In Pursuit of Excellence


The world is changing day by day into a world of progress. To cope with this development, countries need to emphasize their states of education. One of these countries is the Philippines. Our nation, as of now, is still trailing behind the race.  As a solution to speed up the improvement of our education, elective subjects are being offered in the high school and colleges levels. But will these help our country in its race towards educational success?

In an Education Rating Survey in 2007 by the United States Department of Education, the Philippines is the second least- performing among the countries surveyed, next to South Africa which is the first. This survey proves that the Philippines really need to improve its quality education.

In Japan, educators are putting much importance in elective subjects. Messrs Takayuki and Takuro Matsuo of different technology institutes wrote a document that focuses on the importance of optional subjects in school education. They point out that elective subjects are now very useful in schools since they pull out one’s opinions and concerns. They also say that they consider elective subjects as the biggest educational subjects in the future.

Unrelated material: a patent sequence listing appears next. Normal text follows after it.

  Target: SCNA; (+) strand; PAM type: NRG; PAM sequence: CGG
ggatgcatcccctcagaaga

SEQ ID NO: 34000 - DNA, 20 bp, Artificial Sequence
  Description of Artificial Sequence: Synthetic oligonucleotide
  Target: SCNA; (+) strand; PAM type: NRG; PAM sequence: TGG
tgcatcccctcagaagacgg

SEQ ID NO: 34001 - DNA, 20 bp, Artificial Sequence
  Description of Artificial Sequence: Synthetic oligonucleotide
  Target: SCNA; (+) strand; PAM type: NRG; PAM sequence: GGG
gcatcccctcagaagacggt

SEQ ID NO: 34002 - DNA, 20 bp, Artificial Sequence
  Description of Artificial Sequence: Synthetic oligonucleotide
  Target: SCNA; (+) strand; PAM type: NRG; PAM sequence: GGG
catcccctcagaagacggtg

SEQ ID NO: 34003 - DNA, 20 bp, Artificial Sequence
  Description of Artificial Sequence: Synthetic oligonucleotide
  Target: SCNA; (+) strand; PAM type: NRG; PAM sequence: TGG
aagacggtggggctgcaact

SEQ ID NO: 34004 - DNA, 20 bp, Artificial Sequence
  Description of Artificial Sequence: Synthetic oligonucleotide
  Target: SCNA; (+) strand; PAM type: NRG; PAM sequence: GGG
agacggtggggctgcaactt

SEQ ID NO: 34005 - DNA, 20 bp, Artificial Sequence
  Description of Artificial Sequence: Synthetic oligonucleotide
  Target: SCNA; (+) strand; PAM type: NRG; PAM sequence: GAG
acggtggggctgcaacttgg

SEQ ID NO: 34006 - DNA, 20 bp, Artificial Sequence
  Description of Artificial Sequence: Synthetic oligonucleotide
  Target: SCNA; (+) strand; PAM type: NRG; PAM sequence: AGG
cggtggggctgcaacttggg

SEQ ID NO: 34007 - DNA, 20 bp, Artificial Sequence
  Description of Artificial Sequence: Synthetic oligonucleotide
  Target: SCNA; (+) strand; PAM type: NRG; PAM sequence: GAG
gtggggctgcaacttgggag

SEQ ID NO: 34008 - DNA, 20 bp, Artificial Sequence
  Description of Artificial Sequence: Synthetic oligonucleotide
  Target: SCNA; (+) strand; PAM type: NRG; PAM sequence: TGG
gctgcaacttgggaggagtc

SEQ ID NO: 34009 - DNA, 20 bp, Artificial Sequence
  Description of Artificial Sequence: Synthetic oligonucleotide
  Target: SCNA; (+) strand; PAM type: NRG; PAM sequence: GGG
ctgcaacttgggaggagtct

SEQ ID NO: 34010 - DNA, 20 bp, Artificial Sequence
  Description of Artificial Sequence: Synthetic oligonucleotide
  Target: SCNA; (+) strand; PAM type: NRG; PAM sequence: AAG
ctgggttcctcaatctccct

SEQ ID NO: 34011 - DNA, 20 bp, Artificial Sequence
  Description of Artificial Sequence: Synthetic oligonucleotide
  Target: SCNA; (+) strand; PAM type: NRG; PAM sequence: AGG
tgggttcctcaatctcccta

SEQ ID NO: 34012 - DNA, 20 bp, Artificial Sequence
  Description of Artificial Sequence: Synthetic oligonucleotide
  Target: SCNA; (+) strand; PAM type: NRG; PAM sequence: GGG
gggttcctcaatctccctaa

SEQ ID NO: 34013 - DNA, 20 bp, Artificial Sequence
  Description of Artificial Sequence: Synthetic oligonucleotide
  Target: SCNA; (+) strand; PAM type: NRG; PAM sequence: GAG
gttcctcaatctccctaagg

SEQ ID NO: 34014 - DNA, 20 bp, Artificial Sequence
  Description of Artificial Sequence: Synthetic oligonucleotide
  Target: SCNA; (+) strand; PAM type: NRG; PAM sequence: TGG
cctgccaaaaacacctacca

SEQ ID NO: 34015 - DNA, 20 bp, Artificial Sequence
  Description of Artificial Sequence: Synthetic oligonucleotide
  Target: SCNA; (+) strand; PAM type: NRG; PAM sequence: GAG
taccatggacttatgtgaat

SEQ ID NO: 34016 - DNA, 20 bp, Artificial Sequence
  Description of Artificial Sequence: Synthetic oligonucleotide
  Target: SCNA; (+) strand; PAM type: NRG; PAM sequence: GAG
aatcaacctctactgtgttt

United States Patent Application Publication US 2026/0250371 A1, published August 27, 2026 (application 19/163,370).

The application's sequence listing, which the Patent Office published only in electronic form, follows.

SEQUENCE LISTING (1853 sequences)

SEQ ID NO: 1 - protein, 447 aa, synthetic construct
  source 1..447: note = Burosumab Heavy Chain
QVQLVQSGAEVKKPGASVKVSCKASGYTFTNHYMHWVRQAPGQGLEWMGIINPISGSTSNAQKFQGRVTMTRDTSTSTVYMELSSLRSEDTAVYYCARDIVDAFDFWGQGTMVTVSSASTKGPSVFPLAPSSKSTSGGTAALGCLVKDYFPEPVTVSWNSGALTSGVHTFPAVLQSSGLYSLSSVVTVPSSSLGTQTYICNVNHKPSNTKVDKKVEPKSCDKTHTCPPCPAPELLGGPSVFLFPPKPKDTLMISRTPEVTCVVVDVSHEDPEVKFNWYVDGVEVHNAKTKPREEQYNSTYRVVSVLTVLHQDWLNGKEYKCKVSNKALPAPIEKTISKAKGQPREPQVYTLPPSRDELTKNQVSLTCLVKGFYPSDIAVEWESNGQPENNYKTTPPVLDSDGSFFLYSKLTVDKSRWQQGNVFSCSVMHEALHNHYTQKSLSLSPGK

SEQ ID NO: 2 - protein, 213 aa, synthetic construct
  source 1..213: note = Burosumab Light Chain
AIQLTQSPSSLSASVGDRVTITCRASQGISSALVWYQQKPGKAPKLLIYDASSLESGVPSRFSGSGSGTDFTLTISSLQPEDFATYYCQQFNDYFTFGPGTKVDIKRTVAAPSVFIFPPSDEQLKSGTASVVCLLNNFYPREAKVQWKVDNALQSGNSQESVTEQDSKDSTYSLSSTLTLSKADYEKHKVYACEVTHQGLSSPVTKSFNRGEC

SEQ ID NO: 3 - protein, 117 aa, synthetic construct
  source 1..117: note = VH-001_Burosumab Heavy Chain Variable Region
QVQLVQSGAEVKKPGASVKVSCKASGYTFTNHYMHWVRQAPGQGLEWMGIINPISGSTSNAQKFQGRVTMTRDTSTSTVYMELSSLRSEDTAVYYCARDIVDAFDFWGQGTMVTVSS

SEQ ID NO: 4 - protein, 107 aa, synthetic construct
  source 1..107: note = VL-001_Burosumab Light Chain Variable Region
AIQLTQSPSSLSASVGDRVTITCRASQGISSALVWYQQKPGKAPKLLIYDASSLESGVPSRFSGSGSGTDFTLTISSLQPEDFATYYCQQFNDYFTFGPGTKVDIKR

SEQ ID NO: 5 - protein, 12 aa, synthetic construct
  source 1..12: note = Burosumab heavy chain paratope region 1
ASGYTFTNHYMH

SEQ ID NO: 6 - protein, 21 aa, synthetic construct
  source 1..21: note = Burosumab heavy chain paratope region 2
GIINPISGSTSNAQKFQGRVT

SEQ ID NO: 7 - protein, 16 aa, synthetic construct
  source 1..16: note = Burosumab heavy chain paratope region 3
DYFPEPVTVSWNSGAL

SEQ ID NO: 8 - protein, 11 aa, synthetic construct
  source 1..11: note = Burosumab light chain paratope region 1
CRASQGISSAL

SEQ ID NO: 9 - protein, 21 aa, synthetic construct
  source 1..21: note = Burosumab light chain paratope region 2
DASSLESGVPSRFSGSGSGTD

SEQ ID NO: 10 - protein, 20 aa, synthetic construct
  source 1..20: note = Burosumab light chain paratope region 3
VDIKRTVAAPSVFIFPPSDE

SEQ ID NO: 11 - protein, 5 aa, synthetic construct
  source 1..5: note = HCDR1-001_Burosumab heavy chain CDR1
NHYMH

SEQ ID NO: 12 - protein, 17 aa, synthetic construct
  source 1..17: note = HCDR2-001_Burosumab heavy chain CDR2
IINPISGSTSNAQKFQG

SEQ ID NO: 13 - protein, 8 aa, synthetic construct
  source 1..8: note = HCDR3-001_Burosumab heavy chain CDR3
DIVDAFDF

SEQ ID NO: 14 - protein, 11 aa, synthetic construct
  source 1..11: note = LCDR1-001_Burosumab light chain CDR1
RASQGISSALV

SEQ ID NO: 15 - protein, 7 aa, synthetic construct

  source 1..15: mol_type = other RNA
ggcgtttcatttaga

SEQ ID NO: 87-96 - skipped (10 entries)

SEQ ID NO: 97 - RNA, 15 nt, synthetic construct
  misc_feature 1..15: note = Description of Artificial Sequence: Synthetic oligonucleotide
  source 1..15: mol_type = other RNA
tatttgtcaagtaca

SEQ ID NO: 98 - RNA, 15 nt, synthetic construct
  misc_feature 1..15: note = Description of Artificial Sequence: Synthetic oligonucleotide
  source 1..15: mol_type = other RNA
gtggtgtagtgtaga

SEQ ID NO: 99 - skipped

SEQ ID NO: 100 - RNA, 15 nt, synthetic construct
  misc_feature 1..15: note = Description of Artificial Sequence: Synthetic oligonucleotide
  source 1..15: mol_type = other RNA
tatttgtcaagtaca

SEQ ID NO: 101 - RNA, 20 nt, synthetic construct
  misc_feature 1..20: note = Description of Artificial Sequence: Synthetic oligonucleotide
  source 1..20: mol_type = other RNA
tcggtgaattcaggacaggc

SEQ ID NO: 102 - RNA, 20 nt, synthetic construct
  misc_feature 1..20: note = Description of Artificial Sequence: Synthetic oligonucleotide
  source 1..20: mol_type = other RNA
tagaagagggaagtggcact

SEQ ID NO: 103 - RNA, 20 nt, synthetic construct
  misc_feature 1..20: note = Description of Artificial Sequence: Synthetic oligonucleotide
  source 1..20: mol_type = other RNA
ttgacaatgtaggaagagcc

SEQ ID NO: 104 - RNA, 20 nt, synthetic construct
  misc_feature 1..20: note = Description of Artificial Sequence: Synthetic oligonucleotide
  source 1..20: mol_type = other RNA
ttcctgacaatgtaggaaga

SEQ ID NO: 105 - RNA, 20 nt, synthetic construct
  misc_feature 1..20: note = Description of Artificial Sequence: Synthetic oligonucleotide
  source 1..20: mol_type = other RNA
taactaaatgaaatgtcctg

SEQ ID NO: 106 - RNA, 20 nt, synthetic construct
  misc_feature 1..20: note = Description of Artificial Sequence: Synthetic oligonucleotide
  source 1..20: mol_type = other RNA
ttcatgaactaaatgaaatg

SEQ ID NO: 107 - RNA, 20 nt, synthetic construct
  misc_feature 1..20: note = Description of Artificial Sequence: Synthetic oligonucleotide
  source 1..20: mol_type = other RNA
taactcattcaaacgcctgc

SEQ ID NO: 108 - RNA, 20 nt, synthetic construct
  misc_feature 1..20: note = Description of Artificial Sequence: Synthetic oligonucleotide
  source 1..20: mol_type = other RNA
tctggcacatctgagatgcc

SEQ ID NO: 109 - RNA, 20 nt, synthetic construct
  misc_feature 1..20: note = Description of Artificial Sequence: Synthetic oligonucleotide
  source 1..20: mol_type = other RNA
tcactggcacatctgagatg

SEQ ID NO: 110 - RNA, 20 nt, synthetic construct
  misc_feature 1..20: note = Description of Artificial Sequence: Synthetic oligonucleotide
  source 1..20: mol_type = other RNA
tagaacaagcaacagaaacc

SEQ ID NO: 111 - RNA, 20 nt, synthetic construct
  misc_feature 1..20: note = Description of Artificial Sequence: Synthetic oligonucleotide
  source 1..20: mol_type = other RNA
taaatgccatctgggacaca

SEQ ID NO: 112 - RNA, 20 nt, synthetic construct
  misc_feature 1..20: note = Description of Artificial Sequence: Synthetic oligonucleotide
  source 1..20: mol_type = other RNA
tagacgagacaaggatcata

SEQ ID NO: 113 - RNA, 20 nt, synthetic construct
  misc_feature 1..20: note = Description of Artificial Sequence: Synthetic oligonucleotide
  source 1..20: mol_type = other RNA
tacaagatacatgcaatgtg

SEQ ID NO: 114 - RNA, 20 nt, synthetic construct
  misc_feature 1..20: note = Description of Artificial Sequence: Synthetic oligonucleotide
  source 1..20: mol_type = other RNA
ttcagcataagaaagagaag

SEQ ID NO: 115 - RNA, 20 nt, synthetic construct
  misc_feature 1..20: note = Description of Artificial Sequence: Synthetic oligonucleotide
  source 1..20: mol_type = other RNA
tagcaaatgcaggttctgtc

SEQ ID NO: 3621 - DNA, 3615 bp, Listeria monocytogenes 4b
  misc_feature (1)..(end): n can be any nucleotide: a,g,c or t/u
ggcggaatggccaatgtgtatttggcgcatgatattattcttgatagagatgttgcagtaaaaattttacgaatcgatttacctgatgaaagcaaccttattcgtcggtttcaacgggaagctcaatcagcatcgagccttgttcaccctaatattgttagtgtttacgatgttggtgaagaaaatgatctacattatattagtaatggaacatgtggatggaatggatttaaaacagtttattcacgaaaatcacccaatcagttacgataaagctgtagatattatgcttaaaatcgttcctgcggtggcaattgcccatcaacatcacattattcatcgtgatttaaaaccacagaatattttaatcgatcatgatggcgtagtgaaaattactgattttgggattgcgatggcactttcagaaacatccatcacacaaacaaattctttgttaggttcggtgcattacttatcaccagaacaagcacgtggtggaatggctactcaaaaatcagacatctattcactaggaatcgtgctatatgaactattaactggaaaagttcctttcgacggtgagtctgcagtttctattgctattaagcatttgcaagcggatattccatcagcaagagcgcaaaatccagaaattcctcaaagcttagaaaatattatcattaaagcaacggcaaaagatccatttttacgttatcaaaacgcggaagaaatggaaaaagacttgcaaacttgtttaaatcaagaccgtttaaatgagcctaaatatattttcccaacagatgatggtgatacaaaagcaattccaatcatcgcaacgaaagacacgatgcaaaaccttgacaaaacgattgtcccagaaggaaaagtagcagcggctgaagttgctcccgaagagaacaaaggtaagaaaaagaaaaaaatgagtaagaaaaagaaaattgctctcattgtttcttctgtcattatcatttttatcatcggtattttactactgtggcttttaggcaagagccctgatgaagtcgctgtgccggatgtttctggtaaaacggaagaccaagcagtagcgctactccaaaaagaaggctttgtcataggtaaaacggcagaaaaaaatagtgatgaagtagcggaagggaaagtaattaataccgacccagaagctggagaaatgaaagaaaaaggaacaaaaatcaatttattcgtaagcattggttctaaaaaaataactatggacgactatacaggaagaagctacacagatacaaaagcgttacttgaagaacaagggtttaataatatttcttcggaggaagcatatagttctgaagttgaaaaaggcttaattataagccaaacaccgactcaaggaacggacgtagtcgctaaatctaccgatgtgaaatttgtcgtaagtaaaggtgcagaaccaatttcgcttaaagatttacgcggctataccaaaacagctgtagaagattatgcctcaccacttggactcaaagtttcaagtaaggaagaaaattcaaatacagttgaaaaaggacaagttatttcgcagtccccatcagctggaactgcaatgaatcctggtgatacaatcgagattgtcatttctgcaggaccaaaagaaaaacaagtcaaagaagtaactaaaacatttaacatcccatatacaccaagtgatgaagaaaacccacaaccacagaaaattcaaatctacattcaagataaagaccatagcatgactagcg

In the Philippines, many students are looking for universities and colleges which offer good elective subjects. The trending elective subjects as of 2008 are those about Controls and Instrumentation, Languages, and Factory Automation. Lots of students are craving to get at least one elective course under those fields because college graduates who took those elective courses are in demand abroad.

However, some schools do not put much importance on elective subjects since they are just optional. They tend to focus on the major subjects. It is natural for universities to emphasize more on these subjects because they really are the important ones but still, they should not leave the elective subjects behind because they are also important. Elective subjects are a key in advancing our state of education.

Taking elective subjects will really help in improving our quality of education. It will also help us compete against other countries. But elective subjects are still not a guarantee that we will be able to catch up with other Asian countries that are now on top of the list. The Department of Education should also take a look on how students are attaining education. “Are they getting good education? Are the teachers doing their job well?” Those are just some questions that the department should answer. On top of all, all of our government’s efforts would be useless without the students’ cooperation. Everyone should give high priority to their education so that we will be able to cope with other countries. (Dyan Bunao)